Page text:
Much more than just a new home

March 21, 2021 - 08:36

Stella Ciorra, vice chairwoman of Friends of Vietnam Heritage, not only loves Vietnamese heritage but also its culture, and especially áo dài. She spoke with Ngô Minh about why.

Stella Ciorra, vice chairwoman of Friends of Vietnam Heritage, not only loves Vietnamese heritage but also its culture, and especially áo dài. She spoke with Ngô Minh about why.

HIGH REGARD: Vice Chairwoman of Friends of Vietnam Heritage, Stella Ciorra (centre), greatly admires Vietnamese culture and heritage. VNS Photo Nguyễn Á

Inner Sanctum: How did you come to Việt Nam and join Friends of Vietnam Heritage (FVH)?

I first visited Việt Nam as a tourist in November 1995. I then returned so many times that it felt like I lived here right from the start. I decided to actually come here to live in 2009.

By 2011, I wanted to experience something different and understand the culture and get below the surface of what I already knew. Through some Vietnamese friends, I found out about FVH and the rest is history. It’s the most amazing cultural and heritage organisation anyone could wish for.

Inner Sanctum: How is FVH run and funded?

It was founded in October 1999 as a cultural and heritage organisation. We are not a for-profit educational society, and our event fees are simply to cover costs. It is run by a committee, which has now grown to about 12 volunteers, and we are so happy that about 70 per cent of the committee are Vietnamese. It meets once a month. We have a monthly programme of events that are led by a committee member. Anyone who wants to sign up for an event does so with the organiser of that event. We keep our events small, as that is the most effective way for people to get the best out of them. Every single event is on a specific topic relating to the history, heritage, culture, and traditions of Việt Nam.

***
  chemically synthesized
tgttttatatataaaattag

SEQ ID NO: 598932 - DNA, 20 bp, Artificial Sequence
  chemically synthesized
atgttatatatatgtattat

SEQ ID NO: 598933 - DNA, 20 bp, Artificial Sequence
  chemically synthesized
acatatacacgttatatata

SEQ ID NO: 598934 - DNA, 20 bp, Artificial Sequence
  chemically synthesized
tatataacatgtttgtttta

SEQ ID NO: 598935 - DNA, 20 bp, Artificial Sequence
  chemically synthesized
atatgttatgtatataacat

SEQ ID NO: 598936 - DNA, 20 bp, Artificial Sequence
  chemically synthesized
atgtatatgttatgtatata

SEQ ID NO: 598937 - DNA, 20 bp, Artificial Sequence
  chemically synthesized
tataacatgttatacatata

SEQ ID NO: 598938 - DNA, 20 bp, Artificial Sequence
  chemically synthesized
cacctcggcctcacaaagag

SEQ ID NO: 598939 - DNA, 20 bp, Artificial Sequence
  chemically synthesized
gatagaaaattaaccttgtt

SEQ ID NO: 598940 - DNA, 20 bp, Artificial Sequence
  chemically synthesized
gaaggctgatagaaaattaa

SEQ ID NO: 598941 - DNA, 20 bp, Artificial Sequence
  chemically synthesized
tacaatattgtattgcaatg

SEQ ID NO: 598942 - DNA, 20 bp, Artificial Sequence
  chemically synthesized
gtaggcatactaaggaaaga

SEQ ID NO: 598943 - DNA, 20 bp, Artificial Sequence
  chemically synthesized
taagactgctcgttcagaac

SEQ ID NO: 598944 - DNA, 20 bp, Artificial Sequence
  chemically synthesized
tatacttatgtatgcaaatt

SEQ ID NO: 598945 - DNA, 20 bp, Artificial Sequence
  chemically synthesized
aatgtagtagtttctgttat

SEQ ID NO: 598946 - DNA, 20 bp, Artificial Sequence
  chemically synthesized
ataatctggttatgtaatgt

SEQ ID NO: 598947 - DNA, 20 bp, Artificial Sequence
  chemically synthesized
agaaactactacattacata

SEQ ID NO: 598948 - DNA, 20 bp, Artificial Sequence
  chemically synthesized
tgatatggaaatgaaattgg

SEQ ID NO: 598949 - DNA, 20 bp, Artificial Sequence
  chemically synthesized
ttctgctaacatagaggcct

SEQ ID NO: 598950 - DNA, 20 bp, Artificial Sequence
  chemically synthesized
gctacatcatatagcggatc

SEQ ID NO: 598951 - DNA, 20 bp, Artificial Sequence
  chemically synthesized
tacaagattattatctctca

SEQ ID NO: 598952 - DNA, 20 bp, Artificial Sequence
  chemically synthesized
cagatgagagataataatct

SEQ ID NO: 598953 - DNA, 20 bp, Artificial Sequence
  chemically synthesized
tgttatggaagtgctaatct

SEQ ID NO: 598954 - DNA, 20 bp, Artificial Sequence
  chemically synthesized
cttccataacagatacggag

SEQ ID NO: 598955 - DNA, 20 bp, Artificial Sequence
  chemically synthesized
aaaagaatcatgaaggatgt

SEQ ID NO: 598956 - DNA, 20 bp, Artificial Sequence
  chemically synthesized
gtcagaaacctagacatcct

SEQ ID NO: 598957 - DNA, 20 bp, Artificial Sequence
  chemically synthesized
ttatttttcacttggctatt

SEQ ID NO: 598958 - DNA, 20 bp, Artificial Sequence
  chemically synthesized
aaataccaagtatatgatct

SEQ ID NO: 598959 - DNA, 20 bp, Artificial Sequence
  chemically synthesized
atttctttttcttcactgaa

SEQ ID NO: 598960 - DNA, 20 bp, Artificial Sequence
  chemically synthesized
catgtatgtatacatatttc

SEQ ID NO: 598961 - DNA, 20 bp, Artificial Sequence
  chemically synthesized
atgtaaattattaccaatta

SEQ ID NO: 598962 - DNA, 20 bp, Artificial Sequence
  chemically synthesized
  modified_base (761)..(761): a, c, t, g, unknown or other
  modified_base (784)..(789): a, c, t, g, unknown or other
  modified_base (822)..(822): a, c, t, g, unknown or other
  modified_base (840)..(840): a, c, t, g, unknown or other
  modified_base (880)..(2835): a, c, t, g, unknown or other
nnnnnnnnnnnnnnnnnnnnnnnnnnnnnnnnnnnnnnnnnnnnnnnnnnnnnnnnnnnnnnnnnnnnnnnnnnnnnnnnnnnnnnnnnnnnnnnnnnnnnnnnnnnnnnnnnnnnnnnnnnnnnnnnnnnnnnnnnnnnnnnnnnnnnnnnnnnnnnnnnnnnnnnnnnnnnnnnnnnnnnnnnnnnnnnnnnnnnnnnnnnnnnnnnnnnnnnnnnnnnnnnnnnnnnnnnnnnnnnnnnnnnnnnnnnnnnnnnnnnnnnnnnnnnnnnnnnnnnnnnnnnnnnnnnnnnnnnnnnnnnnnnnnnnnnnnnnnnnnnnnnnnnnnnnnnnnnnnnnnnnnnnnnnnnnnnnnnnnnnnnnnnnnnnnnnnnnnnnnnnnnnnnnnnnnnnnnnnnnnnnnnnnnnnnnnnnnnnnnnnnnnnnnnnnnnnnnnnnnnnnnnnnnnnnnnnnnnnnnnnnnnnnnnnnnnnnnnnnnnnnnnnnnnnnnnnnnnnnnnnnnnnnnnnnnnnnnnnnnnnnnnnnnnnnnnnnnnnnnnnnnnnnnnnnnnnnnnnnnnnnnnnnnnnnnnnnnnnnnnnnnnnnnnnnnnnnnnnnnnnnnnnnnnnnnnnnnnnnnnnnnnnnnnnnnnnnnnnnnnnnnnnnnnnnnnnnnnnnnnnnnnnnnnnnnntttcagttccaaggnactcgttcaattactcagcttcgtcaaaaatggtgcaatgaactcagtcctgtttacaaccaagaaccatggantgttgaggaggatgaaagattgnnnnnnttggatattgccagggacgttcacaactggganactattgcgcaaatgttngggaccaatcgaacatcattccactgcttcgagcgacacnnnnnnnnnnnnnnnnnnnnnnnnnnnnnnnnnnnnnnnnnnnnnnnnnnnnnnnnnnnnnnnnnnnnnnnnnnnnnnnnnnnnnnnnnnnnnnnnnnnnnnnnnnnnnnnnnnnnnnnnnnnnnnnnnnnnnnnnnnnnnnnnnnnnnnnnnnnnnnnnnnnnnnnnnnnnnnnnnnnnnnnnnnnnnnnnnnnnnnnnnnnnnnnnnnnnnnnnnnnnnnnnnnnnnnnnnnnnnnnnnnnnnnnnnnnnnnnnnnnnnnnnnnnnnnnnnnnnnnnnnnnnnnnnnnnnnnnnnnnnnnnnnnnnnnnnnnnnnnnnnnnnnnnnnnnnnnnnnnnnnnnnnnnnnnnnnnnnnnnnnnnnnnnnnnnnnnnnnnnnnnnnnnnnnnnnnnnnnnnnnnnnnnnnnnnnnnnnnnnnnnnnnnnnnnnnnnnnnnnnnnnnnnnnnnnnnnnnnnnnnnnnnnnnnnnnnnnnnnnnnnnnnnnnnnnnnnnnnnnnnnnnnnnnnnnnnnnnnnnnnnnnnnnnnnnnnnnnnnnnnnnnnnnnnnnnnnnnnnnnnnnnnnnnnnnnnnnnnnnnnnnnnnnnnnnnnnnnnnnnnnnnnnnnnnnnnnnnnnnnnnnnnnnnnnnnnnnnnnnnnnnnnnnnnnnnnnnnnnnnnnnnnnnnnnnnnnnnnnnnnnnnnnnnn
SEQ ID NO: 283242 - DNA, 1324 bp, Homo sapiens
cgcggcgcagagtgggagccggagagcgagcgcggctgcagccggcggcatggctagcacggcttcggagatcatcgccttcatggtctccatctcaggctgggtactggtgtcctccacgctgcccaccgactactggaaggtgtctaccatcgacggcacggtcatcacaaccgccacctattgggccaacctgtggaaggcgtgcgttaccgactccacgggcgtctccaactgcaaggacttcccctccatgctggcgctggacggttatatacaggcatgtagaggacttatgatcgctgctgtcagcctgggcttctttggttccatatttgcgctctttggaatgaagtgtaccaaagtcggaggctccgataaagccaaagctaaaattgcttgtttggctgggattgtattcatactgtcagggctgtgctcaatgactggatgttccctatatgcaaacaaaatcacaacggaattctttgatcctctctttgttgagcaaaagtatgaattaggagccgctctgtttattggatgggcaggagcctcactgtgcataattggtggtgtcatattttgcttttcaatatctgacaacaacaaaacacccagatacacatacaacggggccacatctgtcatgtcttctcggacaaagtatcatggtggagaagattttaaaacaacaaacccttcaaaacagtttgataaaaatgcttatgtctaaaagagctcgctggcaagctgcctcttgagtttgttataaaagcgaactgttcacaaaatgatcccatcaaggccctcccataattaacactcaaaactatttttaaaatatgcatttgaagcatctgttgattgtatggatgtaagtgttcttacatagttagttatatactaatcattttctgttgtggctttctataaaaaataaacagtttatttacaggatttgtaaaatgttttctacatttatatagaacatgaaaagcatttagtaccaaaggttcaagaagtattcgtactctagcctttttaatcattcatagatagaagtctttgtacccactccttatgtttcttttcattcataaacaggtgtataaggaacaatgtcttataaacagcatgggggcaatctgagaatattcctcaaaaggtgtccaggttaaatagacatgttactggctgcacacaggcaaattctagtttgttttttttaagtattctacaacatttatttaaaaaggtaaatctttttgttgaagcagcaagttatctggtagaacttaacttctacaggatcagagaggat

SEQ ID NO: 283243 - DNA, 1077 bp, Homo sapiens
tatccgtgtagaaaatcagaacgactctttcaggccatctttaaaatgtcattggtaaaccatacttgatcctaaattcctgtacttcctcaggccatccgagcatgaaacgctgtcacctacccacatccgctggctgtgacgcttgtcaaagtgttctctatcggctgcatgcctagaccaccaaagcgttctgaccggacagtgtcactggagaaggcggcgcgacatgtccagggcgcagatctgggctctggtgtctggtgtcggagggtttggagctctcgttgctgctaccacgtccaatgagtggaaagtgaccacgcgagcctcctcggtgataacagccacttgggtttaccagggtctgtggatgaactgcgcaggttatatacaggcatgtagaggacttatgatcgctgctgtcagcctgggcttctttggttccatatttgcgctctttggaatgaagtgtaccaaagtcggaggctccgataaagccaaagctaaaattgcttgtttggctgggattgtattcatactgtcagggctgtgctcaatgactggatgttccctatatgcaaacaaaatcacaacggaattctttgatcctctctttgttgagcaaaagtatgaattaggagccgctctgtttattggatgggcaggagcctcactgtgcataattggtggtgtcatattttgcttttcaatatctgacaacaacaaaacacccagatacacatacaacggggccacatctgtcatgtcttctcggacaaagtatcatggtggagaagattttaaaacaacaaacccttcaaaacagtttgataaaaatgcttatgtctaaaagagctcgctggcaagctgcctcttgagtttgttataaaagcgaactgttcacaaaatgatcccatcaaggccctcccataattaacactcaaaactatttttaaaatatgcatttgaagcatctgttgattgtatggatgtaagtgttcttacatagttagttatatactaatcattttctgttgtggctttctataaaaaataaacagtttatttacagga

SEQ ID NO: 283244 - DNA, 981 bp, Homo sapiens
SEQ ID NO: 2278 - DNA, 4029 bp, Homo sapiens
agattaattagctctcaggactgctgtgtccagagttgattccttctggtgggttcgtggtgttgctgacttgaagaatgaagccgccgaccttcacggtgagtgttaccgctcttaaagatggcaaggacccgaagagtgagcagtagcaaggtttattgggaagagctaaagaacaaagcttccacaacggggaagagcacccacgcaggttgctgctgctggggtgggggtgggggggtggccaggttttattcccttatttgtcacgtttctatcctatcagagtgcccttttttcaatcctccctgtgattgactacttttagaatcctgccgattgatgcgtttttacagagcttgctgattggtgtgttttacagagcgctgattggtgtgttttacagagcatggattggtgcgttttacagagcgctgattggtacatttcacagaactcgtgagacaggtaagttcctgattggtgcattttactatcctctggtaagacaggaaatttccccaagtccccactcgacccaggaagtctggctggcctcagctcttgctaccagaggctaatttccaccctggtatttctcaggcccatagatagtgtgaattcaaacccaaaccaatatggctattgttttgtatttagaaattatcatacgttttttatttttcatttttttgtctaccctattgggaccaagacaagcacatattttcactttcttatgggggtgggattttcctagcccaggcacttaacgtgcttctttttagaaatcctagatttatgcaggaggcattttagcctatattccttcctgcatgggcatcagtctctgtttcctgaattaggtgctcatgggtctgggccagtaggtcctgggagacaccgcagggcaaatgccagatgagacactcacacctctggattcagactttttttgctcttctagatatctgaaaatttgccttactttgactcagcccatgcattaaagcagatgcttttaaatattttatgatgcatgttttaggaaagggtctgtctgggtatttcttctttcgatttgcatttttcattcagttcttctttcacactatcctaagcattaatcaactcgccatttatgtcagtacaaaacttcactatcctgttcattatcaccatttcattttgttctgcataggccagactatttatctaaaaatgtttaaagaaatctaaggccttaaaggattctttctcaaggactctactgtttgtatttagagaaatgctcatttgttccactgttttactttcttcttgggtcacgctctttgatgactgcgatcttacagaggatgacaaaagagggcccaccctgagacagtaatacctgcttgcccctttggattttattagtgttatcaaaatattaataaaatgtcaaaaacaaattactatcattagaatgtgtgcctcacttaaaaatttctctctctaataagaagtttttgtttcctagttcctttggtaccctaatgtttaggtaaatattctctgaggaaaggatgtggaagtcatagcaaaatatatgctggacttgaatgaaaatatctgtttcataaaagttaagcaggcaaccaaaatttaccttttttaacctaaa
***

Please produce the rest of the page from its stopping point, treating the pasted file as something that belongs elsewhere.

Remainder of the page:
About 400-500 people are active members but we have an additional 500 who have left Việt Nam but remain on the mailing list so they stay up-to-date and can join an event if or when they are here next. Members include ambassadors and embassy staff and spouses, NGO heads, World Bank staff, and international school teachers.

Inner Sanctum: What is the level of interest among foreigners in Việt Nam’s heritage and culture?

So many foreigners adore the local heritage and culture. There are of course a number who are not interested, as it’s not why they are here and they would never join. But FVH members truly respect, admire and honour the heritage and culture of Việt Nam. Many are interested in exploring and researching more about Việt Nam and take part in cultural activities not just run by FVH but also specialised individual workshops and classes run by Vietnamese. And many foreign women have bought áo dài (the national dress) to wear on special occasions. We feel this is a way to honour Việt Nam and show our respect for the country.

Inner Sanctum: How about your work in Việt Nam, apart from FVH?

I work with a wonderful boutique hotel group in Hà Nội and also as a content writer introducing people to the culture of Hà Nội, Hội An, and Việt Nam.

Inner Sanctum: You have appeared on talk-shows and TV programmes dressed in an áo dài. What do you think of the role the áo dài plays in Vietnamese culture?

With any culture and country, I believe the national dress is one of the most defining characteristics and is an important way to show the individuality and culture of a country. Việt Nam’s national dress is an important symbol. It is graceful, slender, and beautiful -- just like Việt Nam itself.